# Using digital input pin to read variable resistance from sensor requiring supply voltage

I intend to use air contaminants sensor TGS 2602. The internal resistance changes if a given gas is detected. It requires an input voltage V_C = 5V to operate.

According to the specs, the basic measurement circuit is: simulate this circuit – Schematic created using CircuitLab

The problem I am facing is I want to read the measurements with digital IO pins, specifically I want to use Raspberry Pi for this. I found a simple solution to a similar problem here: Reading Analogue Sensors With One GPIO Pin. Essentially it involves using an RC circuit and measuring time lapsed until "high" voltage occurs on our digital pin. In this case I would then be inclined to simply switch R_L with a capacitor but by doing this I would quickly cut off the supply voltage for the sensor (it requires V_C). I then thought I should maybe add the capacitor in parallel with R_L. But the R_L voltage drop is low, so I would never reach the "high" voltage on the capacitor to be able to read it with my digital pin. Should I perhaps use op-amp to drive the V_RL up? But is it not over-complicating things?

My question is then how should I measure value of R_S with a digital reader?

First, be aware that your sensor does require a 5v +-0.2 supply, both for the heater and sensor. The RPI should have +5v available.
The capacitor discharge method that you propose is one of very few available to RPI to convert an analog signal to a digital representation. RPI GPIO pins require a voltage range between 0 to +3.3v. Data sheet says load resistor minimum is 450 ohms. No maximum, so a capacitor load might be acceptable: simulate this circuit – Schematic created using CircuitLab

This circuit at left might work, if you let the circuit idle with GPIO as output, programming a logic zero forcing R1 to pull down the cell resistor R2 toward ground, until you wish to input a reading. Reading may go quickly enough not to disturb R2 cell resistance too much.

If you are reluctant to disturb cell operation from the prescribed load circuit, the amplifier at right might allow a similar capacitor charging/timing method. A quick run with LTSPICE suggests a timing range between 800 uS for a sensor resistance of 100k ohm, and about one second for sensor resistance of 10k ohm. Cell resistor R4 remains always near 5v.
However, be aware that the GPIO measurement sequence requires a polarity switch: C2 must be discharged by setting GPIO to logic high, then transistor Q1 pulls it down slowly towards logic 0

• the one on the right is a good analog amplifier. I would make three changes to it: 1) I would form that diode from the same transistor as Q1 to minimize Vbe disparities. 2) I would connect R6 to Q1's base to introduce some negative feedback. I would use a bigger value as well; 3) I would insert a smaller resistor, of the same / similar value as R5. Feb 1, 2017 at 21:50
• The circuit works because the diode provides the needed bias to lift Q1's base so it can amplify a small signal. As such, it is sensitive to difference between that diode and Q1. All I was trying to do is to design into more safe guard to minimize such differences. Feb 1, 2017 at 21:51
• To the OP: you should be careful as to the selection of R5: its value is determined by the lowest possible value of the sensor, supply voltage and the minimum voltage the sensor needs to work. with a minimum resistance of 10k, 5v rail, and 0.2v of headroom, R5's maximum value is 0.2 / (5v / 10k) = ... Feb 1, 2017 at 21:53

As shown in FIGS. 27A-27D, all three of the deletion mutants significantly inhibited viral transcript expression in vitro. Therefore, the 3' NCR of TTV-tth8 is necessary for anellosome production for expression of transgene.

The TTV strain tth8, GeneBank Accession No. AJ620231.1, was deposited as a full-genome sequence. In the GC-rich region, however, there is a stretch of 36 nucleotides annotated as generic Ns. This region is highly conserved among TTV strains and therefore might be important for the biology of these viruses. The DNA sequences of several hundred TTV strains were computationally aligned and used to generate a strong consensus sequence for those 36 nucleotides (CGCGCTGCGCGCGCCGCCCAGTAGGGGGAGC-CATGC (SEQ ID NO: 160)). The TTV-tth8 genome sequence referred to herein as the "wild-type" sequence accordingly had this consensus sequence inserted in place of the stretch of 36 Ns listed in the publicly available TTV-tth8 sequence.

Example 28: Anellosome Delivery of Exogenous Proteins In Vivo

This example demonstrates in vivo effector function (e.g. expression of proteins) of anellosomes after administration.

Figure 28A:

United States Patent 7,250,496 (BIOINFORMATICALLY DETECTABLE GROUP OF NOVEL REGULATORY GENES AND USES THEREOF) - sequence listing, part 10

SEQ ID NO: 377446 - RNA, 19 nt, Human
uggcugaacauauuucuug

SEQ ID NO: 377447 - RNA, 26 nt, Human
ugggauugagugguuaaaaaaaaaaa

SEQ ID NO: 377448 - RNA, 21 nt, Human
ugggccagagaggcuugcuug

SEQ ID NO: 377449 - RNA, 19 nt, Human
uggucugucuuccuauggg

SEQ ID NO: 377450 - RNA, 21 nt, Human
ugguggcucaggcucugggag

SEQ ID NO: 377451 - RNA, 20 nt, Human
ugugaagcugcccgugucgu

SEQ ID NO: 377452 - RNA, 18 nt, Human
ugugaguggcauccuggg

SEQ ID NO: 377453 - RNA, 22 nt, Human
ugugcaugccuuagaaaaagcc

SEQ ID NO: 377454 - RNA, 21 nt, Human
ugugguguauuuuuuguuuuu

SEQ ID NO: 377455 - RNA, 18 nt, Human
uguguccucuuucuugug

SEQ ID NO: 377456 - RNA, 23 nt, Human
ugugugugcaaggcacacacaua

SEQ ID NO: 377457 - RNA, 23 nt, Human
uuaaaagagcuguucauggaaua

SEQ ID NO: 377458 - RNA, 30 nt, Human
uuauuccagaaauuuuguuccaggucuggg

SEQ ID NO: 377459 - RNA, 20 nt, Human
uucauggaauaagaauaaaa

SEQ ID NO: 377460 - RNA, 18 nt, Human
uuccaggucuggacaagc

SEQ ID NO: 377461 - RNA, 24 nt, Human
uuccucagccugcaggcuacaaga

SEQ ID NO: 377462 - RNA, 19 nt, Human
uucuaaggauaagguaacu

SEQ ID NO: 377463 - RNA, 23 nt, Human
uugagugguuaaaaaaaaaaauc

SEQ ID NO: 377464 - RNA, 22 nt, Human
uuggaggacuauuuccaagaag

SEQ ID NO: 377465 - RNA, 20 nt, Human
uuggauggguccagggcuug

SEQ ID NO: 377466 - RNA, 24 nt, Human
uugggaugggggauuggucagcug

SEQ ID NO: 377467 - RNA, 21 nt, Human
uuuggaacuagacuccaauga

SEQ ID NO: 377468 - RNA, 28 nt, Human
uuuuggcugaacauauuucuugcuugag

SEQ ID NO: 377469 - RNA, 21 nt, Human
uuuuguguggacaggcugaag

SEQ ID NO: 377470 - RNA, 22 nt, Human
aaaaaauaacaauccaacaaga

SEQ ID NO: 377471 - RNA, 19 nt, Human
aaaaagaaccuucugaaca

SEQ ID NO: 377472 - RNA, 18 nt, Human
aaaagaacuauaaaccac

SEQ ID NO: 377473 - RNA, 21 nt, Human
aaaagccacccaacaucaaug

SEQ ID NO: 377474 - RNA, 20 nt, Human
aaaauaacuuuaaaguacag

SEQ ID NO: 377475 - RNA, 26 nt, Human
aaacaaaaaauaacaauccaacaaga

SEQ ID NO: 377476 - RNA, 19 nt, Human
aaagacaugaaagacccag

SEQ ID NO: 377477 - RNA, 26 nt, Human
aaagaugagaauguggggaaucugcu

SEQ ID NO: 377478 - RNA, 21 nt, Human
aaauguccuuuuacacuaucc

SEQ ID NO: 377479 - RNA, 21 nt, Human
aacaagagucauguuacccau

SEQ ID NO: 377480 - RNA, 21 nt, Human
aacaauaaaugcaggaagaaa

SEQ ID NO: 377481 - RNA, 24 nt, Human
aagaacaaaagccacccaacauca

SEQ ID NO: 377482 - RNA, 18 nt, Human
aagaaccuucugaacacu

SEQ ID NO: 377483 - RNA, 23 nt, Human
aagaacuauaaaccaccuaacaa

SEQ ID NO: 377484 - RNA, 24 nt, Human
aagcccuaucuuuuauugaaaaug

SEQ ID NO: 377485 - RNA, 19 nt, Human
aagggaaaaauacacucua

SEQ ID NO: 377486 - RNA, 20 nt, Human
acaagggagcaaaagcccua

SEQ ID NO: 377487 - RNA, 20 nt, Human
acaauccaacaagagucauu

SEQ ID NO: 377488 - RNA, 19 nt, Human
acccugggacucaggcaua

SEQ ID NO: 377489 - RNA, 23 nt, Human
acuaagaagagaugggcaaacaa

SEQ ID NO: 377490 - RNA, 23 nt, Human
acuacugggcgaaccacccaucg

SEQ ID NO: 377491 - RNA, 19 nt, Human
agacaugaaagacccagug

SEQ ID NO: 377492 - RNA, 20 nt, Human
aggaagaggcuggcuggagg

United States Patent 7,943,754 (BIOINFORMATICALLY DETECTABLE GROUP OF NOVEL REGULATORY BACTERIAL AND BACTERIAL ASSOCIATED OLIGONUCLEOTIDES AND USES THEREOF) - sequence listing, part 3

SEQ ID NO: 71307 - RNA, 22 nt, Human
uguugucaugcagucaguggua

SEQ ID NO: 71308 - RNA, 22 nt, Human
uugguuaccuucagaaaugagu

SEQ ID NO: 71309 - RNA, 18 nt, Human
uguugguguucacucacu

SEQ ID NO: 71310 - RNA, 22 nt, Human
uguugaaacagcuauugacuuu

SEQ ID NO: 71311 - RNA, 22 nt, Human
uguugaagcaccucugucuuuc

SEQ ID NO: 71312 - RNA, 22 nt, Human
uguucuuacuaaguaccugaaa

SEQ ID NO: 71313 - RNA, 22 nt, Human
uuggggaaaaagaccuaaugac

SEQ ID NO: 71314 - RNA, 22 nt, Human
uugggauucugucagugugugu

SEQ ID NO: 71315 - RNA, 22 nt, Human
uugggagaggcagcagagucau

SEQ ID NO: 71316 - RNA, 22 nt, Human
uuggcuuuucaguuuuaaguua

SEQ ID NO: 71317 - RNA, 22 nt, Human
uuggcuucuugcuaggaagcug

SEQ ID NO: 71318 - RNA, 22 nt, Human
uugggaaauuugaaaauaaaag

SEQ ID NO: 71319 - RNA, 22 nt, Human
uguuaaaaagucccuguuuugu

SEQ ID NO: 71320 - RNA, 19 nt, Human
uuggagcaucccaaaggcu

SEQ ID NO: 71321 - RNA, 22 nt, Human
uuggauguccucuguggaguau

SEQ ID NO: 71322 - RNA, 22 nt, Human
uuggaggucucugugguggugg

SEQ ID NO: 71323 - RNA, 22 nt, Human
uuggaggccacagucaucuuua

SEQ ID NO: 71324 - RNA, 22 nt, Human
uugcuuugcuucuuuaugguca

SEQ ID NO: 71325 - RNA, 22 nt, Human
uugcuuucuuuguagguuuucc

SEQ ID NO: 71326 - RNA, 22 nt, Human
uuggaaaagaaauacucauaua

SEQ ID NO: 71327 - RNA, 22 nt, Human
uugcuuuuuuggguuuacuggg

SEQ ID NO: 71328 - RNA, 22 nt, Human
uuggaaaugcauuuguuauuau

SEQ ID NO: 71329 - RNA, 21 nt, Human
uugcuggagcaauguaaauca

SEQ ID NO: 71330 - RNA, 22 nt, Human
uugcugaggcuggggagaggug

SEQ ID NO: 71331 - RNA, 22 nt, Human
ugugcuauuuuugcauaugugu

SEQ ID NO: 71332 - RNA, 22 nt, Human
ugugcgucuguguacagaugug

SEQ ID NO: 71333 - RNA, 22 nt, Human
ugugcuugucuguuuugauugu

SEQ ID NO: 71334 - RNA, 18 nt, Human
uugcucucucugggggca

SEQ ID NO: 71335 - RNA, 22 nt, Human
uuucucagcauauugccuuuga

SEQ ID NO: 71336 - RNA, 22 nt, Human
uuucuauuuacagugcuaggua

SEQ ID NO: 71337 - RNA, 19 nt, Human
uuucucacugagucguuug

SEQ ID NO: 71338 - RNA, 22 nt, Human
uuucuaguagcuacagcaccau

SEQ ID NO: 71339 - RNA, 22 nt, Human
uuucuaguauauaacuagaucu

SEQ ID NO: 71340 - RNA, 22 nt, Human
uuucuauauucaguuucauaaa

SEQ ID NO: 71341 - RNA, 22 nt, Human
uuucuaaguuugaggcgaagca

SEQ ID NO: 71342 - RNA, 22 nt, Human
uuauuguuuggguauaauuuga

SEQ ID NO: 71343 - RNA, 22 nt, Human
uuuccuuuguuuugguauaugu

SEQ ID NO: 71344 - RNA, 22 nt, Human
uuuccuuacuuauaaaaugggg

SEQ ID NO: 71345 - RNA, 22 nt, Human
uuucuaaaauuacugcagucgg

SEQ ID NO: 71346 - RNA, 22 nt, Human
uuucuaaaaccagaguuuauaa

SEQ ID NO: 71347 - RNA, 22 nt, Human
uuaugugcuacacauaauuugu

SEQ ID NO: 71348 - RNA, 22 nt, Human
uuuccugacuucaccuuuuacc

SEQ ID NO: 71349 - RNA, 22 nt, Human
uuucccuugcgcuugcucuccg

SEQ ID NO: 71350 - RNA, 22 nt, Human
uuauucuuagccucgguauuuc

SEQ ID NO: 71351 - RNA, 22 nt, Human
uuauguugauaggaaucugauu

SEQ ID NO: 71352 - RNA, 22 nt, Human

• @dannyf The amplifier at right gives timing results that depend on transistor HFE - MCU software calibration is suggested. Your suggestion of making D2 a similar transistor is good. Gain may be a bit higher than necessary as is. Reduce R5 perhaps? Feb 1, 2017 at 22:31
• glen_geek - I have 2 questions if I may. 1) Why don't we need to add any resistors on C2's way to ground? Won't it discharge immediately? This is a problem I have. Following @dannyf's remark I used the same transistor as Q1 instead of the diode (although I used bc548 instead of 2N2222). I can use larger capacitor to overcome this. With 10 uF it takes ~0.3 s to discharge to low at R2 = 100k and ~0.003 s at R2 = 10k. 2) Why use Vdd = 3.3 V at all? Can't I just connect it to ground? I need to use GPIO in 'high' mode to charge the capacitor anyway.
– user51704
Feb 2, 2017 at 13:53

Fairly easy. Your sensor is more like a CCS whose output current varies with the gas it detects.

So use the CCS to charge up a capacitor, and the time it takes the gpio goes high varies with the CCS current, thus it's resistsnce.

The procedure goes like thi, assuming the gpio is connected to the capacitor and your sensor.

1.output a low on the gpio and turn it as output. wait a little bit. This discharges the capacitor.

1. Turn the gpio as input. This allows the capacitor to be charged up.

2. Count the time until the gpio goes high.

3. The time measurement is a function of the current.

The oldest trick there is for MCU to read analog with an ADC.

• Yes, but I see a possible problem here. If I place the capacitor in series, then when it charges up, the sensor will be switched off almost immediatelly (it requires V_C = 5V +- 0.2V). If, on the other hand, I put it in parallel with R_L, the voltage on the capacitor will never be high enough to reach "high" on the GPIO. Or am I misunderstanding something?
– user51704
Feb 1, 2017 at 2:22
• that would be a problem. But the same principle can be applied to (analog) comparators. you can compare the voltage across the capacitor vs. a reference voltage - either externally set or internally generated. some mcus can provide voltage references down to 200mv or even less. Again, the same principle but different hardware. Feb 1, 2017 at 20:34